Saturday, February 11, 2012

"Waze" to Get In An Accident

If there is an award for the most horrifically counterproductive software products, "
Waze" has to win for 2012. Waze is a smartphone application that offers GPS mapping and turn-by-turn directions to your destination. The routes are automatically updated based on traffic conditions, including data from other Waze users in your area--if another Waze user gets stuck in a traffic jam, the application updates your route accordingly. Waze also encourages users to manually contribute information to other Waze users, including taking a photograph of whatever road ailment you think other drivers ought to know about. These include the traffic jams and accidents, police officers, construction, and a general "hazards" category. The program also features a "Chit chat" function, presumably for a new era of road rage and commiseration.

We all hate traffic. We all want to get to there sooner, faster, easier, while braking as little as possible. But, we have to ask, do we really want drivers around us:
  1. constantly peeking down at their smartphones for real-time or close to real-time updates, just to save fifteen seconds?
  2. looking down at their phones and suddenly making last minute turns and lane changes because some other guy with his iPhone reported an unidentified hazard?
  3. reaching for their phones and attempting to take a picture of road hazards?
  4. relying on anonymous Waze users posting a picture of a clown in the road and claiming it was taken on I-5?
I hope the answer is a resounding No.

Friday, February 10, 2012

Toyota Can't Get it Right

According to The Associated Press, via NPR, federal investigators are looking into fires in 2007 Toyota Camry and Rav4 vehicles. Where is the fire? Naturally, the driver's side door. The probe could affect 830,000 vehicles nationally.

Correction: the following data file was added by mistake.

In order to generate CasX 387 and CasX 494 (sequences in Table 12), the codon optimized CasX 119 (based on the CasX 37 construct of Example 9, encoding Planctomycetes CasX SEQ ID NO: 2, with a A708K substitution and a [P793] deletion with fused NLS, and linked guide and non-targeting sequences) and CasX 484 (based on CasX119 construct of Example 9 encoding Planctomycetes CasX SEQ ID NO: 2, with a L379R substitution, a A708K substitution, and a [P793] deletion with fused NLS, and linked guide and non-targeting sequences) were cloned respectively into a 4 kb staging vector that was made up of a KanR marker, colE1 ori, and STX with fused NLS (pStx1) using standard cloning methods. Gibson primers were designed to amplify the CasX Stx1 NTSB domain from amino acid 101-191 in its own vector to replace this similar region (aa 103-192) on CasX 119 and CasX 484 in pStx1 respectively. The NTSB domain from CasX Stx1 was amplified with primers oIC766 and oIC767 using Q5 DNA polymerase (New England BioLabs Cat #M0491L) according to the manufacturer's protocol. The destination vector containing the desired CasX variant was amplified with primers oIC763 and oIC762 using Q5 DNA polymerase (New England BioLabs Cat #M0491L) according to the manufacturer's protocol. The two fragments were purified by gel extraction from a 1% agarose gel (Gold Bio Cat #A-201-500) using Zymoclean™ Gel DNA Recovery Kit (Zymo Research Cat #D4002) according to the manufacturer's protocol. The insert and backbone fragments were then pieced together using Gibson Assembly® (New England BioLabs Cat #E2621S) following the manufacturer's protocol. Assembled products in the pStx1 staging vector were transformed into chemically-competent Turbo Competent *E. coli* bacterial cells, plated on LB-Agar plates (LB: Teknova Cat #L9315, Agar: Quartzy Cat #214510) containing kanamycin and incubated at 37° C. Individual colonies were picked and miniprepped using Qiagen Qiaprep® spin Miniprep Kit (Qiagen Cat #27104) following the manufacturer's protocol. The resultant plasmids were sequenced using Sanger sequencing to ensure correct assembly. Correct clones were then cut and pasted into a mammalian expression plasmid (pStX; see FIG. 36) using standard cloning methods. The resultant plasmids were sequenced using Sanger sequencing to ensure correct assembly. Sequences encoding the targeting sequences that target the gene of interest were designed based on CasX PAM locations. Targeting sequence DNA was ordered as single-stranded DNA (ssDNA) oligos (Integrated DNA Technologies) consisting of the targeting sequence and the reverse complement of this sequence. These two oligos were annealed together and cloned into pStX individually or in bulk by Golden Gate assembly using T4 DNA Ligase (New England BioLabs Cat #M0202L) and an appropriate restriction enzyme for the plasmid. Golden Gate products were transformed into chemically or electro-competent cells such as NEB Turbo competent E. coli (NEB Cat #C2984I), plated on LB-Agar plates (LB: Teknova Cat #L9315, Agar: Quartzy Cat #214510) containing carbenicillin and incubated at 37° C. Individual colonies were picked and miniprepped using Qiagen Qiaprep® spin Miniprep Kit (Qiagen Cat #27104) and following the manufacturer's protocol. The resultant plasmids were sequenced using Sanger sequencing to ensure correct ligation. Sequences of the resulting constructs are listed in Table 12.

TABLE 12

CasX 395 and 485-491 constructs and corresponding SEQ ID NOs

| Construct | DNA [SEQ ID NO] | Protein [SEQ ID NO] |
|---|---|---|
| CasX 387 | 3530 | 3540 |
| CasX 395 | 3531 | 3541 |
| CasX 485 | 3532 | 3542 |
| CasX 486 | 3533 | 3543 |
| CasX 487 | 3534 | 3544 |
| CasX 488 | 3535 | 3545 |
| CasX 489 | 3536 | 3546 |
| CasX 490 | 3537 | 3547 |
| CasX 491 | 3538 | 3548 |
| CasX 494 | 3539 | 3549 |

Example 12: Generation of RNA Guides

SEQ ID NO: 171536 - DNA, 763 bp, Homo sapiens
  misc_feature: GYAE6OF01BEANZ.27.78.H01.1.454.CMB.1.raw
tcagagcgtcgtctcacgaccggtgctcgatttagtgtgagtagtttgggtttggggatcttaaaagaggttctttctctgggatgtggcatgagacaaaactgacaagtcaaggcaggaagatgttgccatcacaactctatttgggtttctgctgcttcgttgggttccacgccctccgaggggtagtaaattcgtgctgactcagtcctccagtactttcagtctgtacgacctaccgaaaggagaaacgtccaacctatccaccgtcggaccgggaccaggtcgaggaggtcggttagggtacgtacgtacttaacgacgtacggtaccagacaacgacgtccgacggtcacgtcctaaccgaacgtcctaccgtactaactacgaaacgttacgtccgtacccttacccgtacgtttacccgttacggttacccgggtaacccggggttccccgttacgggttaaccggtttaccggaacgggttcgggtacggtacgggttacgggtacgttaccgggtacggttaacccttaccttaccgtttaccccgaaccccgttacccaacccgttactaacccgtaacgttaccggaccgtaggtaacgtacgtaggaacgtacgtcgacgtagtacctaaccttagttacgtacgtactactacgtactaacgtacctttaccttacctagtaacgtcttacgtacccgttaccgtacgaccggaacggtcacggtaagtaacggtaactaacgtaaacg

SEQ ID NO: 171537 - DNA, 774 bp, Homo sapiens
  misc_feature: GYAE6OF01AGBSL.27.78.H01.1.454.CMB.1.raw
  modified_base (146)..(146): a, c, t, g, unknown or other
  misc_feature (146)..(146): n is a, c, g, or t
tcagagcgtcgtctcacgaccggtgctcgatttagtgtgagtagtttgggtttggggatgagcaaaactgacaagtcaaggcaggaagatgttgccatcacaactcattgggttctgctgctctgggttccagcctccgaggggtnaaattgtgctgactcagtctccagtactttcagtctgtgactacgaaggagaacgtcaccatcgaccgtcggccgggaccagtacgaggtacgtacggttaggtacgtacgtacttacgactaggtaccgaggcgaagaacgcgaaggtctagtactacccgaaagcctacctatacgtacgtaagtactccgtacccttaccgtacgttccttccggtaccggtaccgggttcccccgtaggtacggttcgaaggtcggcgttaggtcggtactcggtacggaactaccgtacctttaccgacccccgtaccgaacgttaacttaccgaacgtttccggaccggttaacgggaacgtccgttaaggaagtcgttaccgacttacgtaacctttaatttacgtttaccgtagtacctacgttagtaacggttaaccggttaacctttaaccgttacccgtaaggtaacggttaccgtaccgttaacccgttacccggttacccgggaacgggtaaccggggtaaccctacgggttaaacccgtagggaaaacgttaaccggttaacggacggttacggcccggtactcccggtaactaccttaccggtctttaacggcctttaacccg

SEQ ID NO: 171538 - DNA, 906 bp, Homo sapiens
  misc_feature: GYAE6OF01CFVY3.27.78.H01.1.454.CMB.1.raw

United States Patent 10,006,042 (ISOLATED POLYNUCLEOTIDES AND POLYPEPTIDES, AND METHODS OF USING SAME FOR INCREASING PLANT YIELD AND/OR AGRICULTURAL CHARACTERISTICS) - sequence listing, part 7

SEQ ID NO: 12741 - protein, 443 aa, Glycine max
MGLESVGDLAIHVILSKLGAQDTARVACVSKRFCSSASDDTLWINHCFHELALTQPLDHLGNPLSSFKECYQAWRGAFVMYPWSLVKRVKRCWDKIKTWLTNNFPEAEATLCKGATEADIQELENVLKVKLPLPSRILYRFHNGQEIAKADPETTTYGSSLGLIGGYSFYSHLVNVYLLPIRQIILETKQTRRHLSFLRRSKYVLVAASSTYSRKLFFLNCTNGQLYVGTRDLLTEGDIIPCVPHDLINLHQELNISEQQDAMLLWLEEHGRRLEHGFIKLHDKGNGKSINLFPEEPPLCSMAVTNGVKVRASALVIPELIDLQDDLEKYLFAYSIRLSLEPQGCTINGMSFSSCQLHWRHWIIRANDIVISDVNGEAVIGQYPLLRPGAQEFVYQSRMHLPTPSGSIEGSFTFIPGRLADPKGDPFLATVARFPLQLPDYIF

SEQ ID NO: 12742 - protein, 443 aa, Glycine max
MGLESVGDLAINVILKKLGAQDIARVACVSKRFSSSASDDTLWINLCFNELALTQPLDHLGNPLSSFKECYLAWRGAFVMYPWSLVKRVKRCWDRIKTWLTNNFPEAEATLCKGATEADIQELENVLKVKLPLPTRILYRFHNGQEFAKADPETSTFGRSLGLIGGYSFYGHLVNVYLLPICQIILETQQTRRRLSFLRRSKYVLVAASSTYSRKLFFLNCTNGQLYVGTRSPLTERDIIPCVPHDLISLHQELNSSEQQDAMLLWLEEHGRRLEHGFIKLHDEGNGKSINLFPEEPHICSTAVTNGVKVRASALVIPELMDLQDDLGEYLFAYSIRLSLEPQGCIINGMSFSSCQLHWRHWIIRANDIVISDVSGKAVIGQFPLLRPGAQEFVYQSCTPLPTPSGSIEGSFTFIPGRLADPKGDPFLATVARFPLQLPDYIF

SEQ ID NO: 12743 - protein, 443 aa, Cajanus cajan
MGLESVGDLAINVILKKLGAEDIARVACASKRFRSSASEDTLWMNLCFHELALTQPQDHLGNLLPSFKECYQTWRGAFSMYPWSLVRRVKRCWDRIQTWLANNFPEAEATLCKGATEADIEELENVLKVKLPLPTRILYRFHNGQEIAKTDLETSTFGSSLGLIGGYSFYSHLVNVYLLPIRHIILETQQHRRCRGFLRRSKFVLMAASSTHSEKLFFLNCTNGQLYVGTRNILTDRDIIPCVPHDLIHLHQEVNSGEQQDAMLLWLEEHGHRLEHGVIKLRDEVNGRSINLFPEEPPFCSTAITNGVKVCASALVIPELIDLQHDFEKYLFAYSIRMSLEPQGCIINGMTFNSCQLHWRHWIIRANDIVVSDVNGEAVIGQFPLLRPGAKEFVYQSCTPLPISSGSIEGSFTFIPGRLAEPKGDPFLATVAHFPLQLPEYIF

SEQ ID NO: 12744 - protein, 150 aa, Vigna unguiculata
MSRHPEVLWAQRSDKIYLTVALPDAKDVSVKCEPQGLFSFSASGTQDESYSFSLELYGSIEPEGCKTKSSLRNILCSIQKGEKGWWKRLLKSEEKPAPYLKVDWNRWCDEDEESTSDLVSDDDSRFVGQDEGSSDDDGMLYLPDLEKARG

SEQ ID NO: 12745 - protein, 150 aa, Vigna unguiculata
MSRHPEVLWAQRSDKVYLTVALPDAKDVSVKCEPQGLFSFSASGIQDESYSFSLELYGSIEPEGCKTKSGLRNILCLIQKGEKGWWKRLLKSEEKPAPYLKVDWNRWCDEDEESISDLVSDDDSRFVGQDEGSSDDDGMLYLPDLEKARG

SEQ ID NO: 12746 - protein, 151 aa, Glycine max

For other driving safety information, check out the National Highway Traffic Safety Administration (NHTSA) website.

Monday, February 6, 2012

Cruise Line Forum Clause

I'm sure you've heard of the cruise ship that sunk off the coast of Italy after the captain ran the ship aground, and then bailed before passengers and had a chance to get on life rafts. The Carnival Corp. owned Costa Cruises (owner of the Costa Concordia cruise liner) offered each uninjured passenger a full refund and $14,400 in cash.

Those who were injured (or lost their lives) and need more than Costa Cruises' cash offer are running into a ship-sized roadblock. Costa Concordia is based in Miami. Ordinarily, this would mean that an injured passenger could file suit against Costa Cruises in Florida. However, the small print on each Costa Concordia ticket includes a "choice of forum" clause, requiring any lawsuits against the company to be brought in Italy. As you would imagine, the cost and practical hurdles of filing suit in Italy deter many legitimate claims.

Though passengers probably did not consider the possibility of town-size ship running aground during their vacation when signing below the small print, the clauses will probably be upheld based on multiple prior Supreme Court decisions. See this Seattle Times article for more.